We've shared with you before this insightful article by Ryan Anderson at Heritage about the recent resignation of Brendan Eich from Mozilla. In it, Ryan remarked:
The debate over the meaning and purpose of marriage will continue. We should conduct it in a civil manner. Bullies may win for a while, but theirs is a scorched-earth policy. They poison democratic discourse and fray the bonds on which democracy itself ultimately depends.
Even those who disagree with each other about morally charged issues of public policy need to be able to live together.
But lest we think that Eich's ouster is an outlier, a rare case, consider this more recent news out of New York City. Via the Huffington Post, a gay city councilman is quoted as protesting the entrance of an unwanted new presence into his city. From his remarks here, who might you guess he's talking about?
"We don’t need bigots coming to New York City," Councilman Daniel Dromm, who is openly gay, told HuffPost. "They are not welcome here unless they can embrace all of New York's diverse community, including the LGBT community."
What radical group could provoke such a fiery response and merit being slurred as "bigots", you ask? Well, unbelievable as it may seem... Chick-fil-A. And yet the company hardly seems like it should be so unwelcome to a sane observer.
Of course, the reason for Dromm's intolerance of the company is that its CEO personally values biblical beliefs about marriage as solely being the union of one man and one woman.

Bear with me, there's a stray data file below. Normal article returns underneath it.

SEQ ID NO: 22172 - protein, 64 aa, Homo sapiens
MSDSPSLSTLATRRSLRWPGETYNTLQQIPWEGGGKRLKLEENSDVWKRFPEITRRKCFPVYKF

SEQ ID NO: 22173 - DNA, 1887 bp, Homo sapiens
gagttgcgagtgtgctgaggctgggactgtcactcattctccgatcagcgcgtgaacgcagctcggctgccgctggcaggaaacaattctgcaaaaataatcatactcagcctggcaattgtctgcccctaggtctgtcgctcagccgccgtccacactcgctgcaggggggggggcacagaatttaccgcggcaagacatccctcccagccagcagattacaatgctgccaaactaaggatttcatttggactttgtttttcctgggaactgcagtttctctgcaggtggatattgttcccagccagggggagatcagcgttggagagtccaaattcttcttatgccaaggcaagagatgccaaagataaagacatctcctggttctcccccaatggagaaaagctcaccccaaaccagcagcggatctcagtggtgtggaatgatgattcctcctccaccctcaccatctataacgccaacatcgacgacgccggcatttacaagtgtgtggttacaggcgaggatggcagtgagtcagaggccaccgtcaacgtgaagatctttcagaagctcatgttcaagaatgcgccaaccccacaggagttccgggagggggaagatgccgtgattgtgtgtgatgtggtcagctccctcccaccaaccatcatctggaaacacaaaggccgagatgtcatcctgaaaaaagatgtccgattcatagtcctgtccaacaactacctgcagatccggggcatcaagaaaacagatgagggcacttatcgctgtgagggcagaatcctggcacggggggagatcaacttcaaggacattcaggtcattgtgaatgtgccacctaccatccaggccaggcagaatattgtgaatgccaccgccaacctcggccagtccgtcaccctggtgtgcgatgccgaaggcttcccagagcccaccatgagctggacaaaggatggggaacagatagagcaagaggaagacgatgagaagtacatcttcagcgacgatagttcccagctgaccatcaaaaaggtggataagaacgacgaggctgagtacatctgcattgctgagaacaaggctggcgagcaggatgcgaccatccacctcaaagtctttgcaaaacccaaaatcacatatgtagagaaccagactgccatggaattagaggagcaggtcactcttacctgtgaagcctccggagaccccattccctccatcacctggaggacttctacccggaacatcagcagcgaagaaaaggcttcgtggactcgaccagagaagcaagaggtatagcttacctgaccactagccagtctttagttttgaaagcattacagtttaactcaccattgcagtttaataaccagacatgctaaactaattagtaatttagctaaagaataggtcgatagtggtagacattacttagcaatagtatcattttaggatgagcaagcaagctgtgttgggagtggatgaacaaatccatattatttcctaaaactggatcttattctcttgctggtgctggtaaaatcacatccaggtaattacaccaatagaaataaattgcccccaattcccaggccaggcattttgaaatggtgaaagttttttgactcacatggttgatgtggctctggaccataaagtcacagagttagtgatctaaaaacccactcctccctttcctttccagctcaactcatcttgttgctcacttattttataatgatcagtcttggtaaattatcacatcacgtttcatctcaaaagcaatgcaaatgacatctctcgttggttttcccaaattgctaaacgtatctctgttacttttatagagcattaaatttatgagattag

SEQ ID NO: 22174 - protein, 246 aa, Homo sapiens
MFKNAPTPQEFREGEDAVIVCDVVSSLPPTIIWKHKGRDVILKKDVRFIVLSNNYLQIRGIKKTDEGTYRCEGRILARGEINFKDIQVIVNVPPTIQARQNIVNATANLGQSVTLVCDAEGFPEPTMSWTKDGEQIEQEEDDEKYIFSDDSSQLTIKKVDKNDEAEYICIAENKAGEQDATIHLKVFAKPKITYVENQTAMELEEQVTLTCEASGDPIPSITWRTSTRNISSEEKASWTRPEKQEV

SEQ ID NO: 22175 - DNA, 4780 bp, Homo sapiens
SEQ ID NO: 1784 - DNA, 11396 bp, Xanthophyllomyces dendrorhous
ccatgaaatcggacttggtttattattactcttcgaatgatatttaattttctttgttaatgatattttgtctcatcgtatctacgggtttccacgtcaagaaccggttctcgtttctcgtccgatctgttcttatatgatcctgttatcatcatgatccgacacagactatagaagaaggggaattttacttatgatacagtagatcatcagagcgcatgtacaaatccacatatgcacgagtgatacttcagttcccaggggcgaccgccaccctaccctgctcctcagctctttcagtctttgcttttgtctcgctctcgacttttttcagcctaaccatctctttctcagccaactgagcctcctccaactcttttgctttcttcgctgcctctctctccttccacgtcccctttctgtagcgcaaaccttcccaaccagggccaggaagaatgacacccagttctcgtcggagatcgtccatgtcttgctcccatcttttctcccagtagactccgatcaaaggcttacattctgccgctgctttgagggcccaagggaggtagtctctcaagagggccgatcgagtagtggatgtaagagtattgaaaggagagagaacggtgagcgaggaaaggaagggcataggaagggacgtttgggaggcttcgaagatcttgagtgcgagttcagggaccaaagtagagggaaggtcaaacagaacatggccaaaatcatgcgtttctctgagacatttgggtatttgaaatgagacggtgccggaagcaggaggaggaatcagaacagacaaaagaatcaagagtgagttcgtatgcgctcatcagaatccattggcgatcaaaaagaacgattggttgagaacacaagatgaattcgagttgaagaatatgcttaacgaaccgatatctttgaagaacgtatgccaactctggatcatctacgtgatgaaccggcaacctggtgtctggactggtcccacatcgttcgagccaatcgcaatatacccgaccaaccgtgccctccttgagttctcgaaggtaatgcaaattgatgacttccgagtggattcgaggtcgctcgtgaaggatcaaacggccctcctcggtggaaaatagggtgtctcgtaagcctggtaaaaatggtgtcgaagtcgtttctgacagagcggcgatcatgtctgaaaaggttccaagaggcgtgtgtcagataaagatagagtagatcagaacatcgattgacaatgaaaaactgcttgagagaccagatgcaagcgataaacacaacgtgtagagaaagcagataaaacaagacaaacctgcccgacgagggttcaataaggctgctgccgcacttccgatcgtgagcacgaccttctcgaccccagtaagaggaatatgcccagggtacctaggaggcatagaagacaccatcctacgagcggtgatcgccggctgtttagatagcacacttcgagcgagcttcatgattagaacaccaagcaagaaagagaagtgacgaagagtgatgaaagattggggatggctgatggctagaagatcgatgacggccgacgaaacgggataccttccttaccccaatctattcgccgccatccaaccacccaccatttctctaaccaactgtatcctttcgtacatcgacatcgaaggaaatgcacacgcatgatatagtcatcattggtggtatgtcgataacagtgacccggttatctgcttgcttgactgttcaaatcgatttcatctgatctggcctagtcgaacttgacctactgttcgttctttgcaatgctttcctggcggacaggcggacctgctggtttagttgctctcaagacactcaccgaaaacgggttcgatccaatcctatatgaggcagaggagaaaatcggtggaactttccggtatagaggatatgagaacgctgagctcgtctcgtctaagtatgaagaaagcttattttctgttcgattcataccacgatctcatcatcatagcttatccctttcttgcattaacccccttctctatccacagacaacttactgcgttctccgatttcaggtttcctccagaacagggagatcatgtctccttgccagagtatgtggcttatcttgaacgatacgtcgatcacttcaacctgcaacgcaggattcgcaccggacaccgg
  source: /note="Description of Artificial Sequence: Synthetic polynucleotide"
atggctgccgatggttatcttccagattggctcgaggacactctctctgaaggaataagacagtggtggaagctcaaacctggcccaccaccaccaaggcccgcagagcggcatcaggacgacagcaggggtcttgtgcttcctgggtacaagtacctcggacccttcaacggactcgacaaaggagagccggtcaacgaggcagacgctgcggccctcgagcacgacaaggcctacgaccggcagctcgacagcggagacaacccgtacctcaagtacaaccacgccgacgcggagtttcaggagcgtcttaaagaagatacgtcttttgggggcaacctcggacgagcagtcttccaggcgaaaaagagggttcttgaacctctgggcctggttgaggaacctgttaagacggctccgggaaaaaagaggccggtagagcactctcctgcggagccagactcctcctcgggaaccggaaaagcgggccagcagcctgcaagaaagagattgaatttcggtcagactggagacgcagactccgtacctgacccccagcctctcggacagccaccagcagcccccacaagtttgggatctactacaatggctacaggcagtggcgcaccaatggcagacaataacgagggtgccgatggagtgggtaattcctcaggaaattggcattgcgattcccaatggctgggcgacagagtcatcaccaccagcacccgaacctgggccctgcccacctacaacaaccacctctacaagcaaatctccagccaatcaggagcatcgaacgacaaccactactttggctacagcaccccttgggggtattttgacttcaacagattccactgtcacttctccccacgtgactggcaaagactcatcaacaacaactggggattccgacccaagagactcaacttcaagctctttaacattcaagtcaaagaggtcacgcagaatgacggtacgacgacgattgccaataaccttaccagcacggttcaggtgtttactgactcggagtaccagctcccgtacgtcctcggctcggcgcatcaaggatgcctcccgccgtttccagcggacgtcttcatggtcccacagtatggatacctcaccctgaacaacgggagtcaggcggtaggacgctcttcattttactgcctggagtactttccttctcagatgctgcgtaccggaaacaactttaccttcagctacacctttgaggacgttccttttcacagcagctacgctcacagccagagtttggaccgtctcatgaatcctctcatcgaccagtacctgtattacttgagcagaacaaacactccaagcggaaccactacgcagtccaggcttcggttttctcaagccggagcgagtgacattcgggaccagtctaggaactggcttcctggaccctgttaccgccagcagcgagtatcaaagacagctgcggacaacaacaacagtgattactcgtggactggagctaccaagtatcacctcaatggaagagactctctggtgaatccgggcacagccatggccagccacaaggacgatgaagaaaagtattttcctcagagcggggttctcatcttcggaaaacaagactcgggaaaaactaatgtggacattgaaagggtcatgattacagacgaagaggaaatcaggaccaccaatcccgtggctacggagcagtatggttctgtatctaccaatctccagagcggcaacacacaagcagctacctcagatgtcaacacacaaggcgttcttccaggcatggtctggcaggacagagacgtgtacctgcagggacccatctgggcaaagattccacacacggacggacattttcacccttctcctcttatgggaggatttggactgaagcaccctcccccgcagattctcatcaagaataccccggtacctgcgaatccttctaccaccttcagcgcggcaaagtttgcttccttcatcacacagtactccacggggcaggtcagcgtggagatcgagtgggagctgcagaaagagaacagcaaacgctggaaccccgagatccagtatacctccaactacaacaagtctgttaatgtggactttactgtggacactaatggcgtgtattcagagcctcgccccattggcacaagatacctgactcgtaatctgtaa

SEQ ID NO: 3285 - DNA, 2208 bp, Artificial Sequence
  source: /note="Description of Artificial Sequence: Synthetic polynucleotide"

But what's most horrifying in Dromm's remarks is his final say on the matter. You would think that maybe his first statement of unwelcomeness was a knee-jerk and misinformed reaction. What if he were told that Chick-fil-A's CEO has repeatedly said that he has no intention of bringing the company into the political debate surrounding the issue of marriage?
From HuffPost [emphasis added]:
... Dromm, the city councilman, said there was no place for Chick-fil-A in New York, even if it remains out of the political fray.
“We don’t need bigoted people even keeping their opinions to themselves,” he said. “They need to wake up and see reality.”
Not only is the sleight of "bigot," directed toward those who hold marriage to be the union of a man and a woman, completely unfair, mean-spirited, and wide of the mark. More than that: here we have the most compelling proof one could want of Ryan Anderson's assertion that the gay rights community is engaged in a "scorched earth" policy of bigotry and intolerance.
It is a "thought policy" regime in the making, and if anyone thinks a lesson was learned with the Mozilla controversy, he or she needs only consider this later story to realize that Eich's treatment was only a template for the radical homosexual lobby's plans for the future. For now, it's chilling enough to know that an elected city councilman in New York has just told millions of his fellow residents that they are unwelcome there simply on account of their pro-marriage values.